Chapter 1. Introduction

Table of Contents
Tools Installation, etc

Tools Installation, etc

A web developer, just like any other craftsman, must have his toolbox handy in order to be able to do a good job in his craft. Let us take a somewhat schematic look at the tools.

HyperText Markup Language. The coding language in which web pages are written. You must know this language. As a tool it is built into any web browser. HTML apart from the markup contains the content of the web pages.
Cascading Style Sheets. The coding language in which the presentation, the looks of web pages are written. You must know this language. As a tool it is built into any web browser. Just like HTML. CSS is also built into any web browser.
JavaScript is a so called frontend programming language. This means a programming language that resides in any web browser. JavaScript provide the decentralised dynamic aspects of the web pages. This concludes the parts of the web developer tools that are also present in any web user's computer anywhere on the internet.
Apache/Web server
Web server are software packages that, when installed and running, receive requests for web pages from clients, most often web browsers. The web server returns text, mostly in the form of HTML5 to the client. The returned text may be stored as plain HTML5 or manufactured by invoking PHP on the web server platform. We use Apache, the most ubiquitous web server software of all.
PHP, an acronym for PHP Home Pages, is a so called backend programming language. This means a programming language installed on a web server as a separate software product. PHP makes web pages potentially dynamic. They may not be displaying the same content on separate visits as opposed to static pages written in HTML5 and CSS only. PHP is a choice. There are other languages that may fill the role of backend programming language. PHP provides access to the database server.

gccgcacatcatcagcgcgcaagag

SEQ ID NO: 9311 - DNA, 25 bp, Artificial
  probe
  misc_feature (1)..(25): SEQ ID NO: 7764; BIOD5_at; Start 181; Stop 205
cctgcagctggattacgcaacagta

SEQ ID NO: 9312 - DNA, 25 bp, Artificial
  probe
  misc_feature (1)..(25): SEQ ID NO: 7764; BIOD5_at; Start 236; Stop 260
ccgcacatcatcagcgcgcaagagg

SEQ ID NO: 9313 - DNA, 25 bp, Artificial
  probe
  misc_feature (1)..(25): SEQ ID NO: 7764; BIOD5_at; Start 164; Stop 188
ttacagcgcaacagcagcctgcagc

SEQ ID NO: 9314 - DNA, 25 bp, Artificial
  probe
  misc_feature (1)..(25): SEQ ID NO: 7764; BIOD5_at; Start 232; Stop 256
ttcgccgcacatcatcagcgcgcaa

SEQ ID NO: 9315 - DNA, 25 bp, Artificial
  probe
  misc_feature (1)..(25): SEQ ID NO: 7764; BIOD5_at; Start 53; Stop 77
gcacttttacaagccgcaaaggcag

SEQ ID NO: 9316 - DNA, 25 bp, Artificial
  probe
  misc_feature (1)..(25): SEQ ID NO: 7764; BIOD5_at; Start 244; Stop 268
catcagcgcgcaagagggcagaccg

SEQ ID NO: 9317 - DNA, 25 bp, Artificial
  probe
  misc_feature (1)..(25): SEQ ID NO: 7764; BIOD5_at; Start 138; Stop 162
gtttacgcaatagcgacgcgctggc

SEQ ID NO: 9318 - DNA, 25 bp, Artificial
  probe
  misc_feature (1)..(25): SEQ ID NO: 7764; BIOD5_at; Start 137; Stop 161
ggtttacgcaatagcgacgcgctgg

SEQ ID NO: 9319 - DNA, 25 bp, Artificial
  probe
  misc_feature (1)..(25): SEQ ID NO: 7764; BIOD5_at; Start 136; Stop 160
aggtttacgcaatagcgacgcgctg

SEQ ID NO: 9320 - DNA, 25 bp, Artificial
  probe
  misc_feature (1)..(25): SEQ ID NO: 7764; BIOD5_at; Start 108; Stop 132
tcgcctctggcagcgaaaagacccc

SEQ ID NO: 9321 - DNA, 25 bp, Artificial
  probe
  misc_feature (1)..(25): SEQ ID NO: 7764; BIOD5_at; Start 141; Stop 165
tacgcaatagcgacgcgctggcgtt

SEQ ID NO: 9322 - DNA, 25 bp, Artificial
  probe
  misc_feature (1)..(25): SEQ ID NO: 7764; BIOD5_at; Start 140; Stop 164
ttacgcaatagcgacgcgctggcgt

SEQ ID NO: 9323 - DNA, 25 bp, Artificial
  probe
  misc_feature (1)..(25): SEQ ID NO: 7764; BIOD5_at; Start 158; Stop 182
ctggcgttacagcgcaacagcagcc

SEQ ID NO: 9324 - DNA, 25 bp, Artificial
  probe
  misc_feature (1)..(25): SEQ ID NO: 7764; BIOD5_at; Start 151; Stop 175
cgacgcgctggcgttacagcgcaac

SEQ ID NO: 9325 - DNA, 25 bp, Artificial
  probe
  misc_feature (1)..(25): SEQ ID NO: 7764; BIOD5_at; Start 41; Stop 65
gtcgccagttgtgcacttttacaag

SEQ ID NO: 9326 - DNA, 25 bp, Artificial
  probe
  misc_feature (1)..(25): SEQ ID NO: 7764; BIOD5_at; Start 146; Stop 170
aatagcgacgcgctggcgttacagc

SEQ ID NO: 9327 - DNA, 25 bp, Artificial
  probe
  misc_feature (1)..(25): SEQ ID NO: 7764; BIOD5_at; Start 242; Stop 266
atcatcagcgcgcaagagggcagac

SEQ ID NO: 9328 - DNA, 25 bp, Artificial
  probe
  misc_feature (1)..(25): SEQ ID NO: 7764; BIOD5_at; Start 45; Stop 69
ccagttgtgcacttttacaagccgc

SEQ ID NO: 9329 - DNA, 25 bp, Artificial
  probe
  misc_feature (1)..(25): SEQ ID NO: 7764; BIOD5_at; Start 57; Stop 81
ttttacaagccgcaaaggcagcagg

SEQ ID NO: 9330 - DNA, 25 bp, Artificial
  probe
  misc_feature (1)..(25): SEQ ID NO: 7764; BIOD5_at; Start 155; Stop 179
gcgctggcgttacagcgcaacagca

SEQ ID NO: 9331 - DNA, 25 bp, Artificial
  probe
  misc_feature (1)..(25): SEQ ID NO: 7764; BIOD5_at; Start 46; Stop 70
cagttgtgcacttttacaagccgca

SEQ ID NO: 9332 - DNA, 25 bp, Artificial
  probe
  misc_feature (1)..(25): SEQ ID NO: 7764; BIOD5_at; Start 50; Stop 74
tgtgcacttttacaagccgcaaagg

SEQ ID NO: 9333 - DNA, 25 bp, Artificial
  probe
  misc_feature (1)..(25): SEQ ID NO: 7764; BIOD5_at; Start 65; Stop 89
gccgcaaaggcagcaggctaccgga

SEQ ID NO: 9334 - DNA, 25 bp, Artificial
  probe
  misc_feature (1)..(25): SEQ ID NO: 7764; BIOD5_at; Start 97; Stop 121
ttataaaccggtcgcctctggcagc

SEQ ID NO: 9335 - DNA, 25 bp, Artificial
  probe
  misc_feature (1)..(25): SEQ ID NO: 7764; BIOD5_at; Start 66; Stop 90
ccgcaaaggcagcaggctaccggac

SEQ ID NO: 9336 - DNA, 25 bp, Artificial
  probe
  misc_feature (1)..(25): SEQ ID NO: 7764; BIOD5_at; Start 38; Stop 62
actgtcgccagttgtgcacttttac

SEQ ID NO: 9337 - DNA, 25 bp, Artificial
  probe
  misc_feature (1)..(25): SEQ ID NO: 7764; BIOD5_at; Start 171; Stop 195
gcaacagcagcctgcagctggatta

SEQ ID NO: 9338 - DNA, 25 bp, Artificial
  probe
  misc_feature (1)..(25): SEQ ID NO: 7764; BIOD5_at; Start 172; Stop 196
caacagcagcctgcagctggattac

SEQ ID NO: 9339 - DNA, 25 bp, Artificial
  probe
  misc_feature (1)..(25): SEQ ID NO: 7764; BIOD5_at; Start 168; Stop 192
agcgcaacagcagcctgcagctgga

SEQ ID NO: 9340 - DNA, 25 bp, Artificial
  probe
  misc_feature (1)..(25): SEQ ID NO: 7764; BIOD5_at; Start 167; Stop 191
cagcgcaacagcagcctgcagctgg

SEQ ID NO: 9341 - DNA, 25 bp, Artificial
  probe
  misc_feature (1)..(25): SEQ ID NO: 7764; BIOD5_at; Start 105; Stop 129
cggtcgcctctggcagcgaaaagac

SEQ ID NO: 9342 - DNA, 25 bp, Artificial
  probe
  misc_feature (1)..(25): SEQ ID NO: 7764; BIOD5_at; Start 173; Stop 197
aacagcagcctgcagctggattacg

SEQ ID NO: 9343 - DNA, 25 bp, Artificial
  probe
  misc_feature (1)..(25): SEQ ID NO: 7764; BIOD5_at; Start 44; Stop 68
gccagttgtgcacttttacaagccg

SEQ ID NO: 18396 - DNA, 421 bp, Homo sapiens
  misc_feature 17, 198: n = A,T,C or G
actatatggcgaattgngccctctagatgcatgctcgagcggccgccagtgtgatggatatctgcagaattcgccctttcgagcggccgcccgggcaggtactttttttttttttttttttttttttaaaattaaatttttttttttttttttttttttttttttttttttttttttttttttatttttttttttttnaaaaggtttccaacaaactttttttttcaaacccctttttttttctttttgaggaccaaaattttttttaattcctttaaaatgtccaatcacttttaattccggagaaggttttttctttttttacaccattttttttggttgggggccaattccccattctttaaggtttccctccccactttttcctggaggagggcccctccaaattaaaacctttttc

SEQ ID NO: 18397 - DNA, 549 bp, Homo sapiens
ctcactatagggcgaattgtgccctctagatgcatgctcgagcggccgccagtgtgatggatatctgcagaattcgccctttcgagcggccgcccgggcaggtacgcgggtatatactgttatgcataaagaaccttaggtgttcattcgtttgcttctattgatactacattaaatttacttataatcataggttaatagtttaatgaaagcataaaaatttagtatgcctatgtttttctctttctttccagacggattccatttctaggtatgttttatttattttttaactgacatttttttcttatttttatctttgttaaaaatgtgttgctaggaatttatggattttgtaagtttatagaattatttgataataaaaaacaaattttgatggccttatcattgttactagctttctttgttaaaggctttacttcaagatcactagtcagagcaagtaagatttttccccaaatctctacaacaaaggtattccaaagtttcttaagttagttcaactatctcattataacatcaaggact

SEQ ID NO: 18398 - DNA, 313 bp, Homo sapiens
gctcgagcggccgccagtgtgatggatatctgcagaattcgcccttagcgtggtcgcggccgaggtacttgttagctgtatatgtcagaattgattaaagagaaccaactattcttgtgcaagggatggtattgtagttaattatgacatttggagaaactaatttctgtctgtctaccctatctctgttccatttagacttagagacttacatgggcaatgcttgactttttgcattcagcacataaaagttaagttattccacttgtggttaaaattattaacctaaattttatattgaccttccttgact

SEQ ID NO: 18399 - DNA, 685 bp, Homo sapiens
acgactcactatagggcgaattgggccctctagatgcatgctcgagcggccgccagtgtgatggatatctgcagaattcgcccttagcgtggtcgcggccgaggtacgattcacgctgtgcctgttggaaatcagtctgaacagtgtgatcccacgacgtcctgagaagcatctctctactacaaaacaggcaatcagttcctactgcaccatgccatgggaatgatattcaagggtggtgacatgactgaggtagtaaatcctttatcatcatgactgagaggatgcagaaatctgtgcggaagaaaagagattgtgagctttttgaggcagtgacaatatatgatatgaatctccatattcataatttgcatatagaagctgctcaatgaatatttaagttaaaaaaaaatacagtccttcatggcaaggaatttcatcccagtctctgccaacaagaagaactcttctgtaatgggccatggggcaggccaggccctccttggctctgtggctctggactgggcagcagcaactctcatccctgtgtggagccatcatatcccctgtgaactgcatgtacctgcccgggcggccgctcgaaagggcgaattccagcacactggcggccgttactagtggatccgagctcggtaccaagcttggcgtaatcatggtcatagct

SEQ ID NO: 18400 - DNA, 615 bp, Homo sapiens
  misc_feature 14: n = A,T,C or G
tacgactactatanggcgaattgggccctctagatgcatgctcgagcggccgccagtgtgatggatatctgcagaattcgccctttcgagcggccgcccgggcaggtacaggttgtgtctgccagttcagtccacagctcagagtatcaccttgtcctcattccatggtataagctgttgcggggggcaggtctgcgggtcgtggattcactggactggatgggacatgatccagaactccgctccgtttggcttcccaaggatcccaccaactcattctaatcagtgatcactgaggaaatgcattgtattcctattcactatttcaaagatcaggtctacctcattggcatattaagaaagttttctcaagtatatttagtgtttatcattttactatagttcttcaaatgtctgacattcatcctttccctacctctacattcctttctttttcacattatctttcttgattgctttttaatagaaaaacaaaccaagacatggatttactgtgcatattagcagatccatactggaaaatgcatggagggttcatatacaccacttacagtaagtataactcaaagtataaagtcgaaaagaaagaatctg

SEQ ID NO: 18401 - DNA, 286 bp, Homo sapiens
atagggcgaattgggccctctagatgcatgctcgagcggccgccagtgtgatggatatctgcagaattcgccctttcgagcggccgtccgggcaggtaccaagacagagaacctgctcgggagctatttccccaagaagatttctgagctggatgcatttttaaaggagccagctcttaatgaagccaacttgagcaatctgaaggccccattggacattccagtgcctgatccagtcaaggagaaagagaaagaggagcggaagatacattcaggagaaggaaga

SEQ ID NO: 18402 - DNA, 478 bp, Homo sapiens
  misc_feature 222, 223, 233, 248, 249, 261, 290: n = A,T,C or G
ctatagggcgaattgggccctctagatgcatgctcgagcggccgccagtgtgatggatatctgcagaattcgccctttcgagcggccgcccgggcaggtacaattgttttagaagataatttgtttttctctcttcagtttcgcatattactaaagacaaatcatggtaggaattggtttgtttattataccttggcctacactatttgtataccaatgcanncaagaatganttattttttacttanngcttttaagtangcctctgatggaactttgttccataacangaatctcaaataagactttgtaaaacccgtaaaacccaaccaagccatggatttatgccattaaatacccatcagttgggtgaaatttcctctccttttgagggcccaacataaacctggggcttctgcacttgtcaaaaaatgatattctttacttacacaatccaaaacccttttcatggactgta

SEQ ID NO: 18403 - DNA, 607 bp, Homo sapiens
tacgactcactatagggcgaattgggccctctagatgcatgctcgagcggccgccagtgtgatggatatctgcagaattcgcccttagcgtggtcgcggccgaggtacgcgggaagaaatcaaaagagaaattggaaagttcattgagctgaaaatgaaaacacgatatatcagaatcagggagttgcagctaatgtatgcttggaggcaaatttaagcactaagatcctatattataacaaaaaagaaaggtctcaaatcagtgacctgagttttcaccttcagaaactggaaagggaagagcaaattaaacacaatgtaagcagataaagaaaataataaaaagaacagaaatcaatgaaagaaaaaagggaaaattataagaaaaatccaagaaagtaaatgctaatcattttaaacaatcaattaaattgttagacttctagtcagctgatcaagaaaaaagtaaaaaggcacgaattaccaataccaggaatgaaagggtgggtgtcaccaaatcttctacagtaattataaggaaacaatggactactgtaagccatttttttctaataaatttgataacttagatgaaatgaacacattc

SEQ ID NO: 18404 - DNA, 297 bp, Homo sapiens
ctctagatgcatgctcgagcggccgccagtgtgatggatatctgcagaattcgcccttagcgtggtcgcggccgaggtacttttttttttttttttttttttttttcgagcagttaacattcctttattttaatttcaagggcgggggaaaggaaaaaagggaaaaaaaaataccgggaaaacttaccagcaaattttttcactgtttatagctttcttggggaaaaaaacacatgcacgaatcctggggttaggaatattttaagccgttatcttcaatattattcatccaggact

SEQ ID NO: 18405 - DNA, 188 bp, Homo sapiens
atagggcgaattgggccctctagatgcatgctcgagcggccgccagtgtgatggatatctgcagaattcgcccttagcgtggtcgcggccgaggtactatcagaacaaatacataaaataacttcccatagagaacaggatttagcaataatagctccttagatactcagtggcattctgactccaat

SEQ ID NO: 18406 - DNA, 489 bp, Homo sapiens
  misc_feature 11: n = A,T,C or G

Node.js is an open-source, cross-platform JavaScript run-time environment that executes JavaScript code outside of a browser.[1] . This essentially means serverside JavaScript.

Node.js is an alternative to Apache and PHP as a backend development platform. Depending on your development work, you may need both on your development platform.

Database Management System. This is a software package that, when installed and running, represents the database server.
Structured Query Language. The programming language for manipulating databases. It is a declarative programming language as opposed to JavaScript and PHP who are both imperative languages. It is built into the DBMS software.
Developer's tools
Last but not least you need a development environment. This may be in the shape of a full IDE, Integrated Development Environment, or it may be "just an editor." Or should I say some editors. There are thousands to choose from. Take your pick ;-) I love vi, well actually vim, and SciTE, Geany, and …

In the teaching accompanying this material, we have chosen to use the IDE Netbeans. Netbeans is originally a Java IDE from Sun MicroSystems, but it now supports all sorts of software development. Since Sun was merged into Oracle, it is now an open source project under that corporation.

DBMS client
Before we let PHP access the database server the SQL must be developed and tested through a client program. The DBMS software usually include a CLI version of such a client. You may install some GUI version if you prefer.
You have it - I think.

In this day and age all computers come with browser software as part of the package. This means you have the frontend components HTML5, CSS, and JavaScript installed already. The remaining tools are normally in the world of FOSS, Free and Open Source Software, installed as a so called AMP stack. The A is for Apache, the web server. The M is for MySQL, a DBMS product. The P if for PHP.

In Appendix A of this material, we install the necessary software.